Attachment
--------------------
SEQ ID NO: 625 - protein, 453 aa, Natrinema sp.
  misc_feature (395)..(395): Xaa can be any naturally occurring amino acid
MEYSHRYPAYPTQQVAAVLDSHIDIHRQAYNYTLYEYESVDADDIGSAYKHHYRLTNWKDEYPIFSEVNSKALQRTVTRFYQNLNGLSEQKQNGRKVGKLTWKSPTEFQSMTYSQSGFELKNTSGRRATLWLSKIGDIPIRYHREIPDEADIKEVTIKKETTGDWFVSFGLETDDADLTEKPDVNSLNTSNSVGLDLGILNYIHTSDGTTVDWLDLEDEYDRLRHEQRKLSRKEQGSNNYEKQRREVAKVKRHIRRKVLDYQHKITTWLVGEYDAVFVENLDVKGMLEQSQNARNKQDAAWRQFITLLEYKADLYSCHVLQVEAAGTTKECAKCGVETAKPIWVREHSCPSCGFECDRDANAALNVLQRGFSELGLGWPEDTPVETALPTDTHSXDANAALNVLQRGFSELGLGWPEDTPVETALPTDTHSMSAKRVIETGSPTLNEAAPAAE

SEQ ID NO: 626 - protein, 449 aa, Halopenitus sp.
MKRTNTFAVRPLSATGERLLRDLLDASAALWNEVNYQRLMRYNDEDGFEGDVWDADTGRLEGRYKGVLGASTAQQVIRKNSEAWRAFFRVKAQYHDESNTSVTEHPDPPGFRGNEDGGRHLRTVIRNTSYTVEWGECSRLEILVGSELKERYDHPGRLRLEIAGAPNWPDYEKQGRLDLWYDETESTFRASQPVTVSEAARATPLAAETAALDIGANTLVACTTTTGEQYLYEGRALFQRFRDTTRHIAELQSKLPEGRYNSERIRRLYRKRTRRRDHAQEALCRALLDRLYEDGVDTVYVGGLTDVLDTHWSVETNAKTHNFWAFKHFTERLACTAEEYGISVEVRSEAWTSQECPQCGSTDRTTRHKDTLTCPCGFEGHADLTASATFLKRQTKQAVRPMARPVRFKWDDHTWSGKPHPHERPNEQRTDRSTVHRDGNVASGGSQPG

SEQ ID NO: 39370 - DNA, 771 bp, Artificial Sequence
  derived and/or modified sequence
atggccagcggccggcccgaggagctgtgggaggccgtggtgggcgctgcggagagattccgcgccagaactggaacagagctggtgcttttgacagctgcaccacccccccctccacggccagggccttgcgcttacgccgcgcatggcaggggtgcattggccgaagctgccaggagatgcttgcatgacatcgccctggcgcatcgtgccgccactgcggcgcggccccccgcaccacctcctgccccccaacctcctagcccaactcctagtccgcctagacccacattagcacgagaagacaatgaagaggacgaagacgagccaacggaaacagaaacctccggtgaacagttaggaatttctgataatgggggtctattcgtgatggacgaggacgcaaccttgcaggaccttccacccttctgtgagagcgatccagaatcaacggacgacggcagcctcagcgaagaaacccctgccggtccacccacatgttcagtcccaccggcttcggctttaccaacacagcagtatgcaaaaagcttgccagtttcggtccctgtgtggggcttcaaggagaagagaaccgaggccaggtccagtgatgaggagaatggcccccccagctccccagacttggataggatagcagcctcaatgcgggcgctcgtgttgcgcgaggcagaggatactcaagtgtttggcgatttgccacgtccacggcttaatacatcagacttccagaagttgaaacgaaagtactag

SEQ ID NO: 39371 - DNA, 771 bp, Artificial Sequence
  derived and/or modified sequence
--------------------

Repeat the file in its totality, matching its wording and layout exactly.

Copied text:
SEQ ID NO: 625 - protein, 453 aa, Natrinema sp.
  misc_feature (395)..(395): Xaa can be any naturally occurring amino acid
MEYSHRYPAYPTQQVAAVLDSHIDIHRQAYNYTLYEYESVDADDIGSAYKHHYRLTNWKDEYPIFSEVNSKALQRTVTRFYQNLNGLSEQKQNGRKVGKLTWKSPTEFQSMTYSQSGFELKNTSGRRATLWLSKIGDIPIRYHREIPDEADIKEVTIKKETTGDWFVSFGLETDDADLTEKPDVNSLNTSNSVGLDLGILNYIHTSDGTTVDWLDLEDEYDRLRHEQRKLSRKEQGSNNYEKQRREVAKVKRHIRRKVLDYQHKITTWLVGEYDAVFVENLDVKGMLEQSQNARNKQDAAWRQFITLLEYKADLYSCHVLQVEAAGTTKECAKCGVETAKPIWVREHSCPSCGFECDRDANAALNVLQRGFSELGLGWPEDTPVETALPTDTHSXDANAALNVLQRGFSELGLGWPEDTPVETALPTDTHSMSAKRVIETGSPTLNEAAPAAE

SEQ ID NO: 626 - protein, 449 aa, Halopenitus sp.
MKRTNTFAVRPLSATGERLLRDLLDASAALWNEVNYQRLMRYNDEDGFEGDVWDADTGRLEGRYKGVLGASTAQQVIRKNSEAWRAFFRVKAQYHDESNTSVTEHPDPPGFRGNEDGGRHLRTVIRNTSYTVEWGECSRLEILVGSELKERYDHPGRLRLEIAGAPNWPDYEKQGRLDLWYDETESTFRASQPVTVSEAARATPLAAETAALDIGANTLVACTTTTGEQYLYEGRALFQRFRDTTRHIAELQSKLPEGRYNSERIRRLYRKRTRRRDHAQEALCRALLDRLYEDGVDTVYVGGLTDVLDTHWSVETNAKTHNFWAFKHFTERLACTAEEYGISVEVRSEAWTSQECPQCGSTDRTTRHKDTLTCPCGFEGHADLTASATFLKRQTKQAVRPMARPVRFKWDDHTWSGKPHPHERPNEQRTDRSTVHRDGNVASGGSQPG

SEQ ID NO: 39370 - DNA, 771 bp, Artificial Sequence
  derived and/or modified sequence
atggccagcggccggcccgaggagctgtgggaggccgtggtgggcgctgcggagagattccgcgccagaactggaacagagctggtgcttttgacagctgcaccacccccccctccacggccagggccttgcgcttacgccgcgcatggcaggggtgcattggccgaagctgccaggagatgcttgcatgacatcgccctggcgcatcgtgccgccactgcggcgcggccccccgcaccacctcctgccccccaacctcctagcccaactcctagtccgcctagacccacattagcacgagaagacaatgaagaggacgaagacgagccaacggaaacagaaacctccggtgaacagttaggaatttctgataatgggggtctattcgtgatggacgaggacgcaaccttgcaggaccttccacccttctgtgagagcgatccagaatcaacggacgacggcagcctcagcgaagaaacccctgccggtccacccacatgttcagtcccaccggcttcggctttaccaacacagcagtatgcaaaaagcttgccagtttcggtccctgtgtggggcttcaaggagaagagaaccgaggccaggtccagtgatgaggagaatggcccccccagctccccagacttggataggatagcagcctcaatgcgggcgctcgtgttgcgcgaggcagaggatactcaagtgtttggcgatttgccacgtccacggcttaatacatcagacttccagaagttgaaacgaaagtactag

SEQ ID NO: 39371 - DNA, 771 bp, Artificial Sequence
  derived and/or modified sequence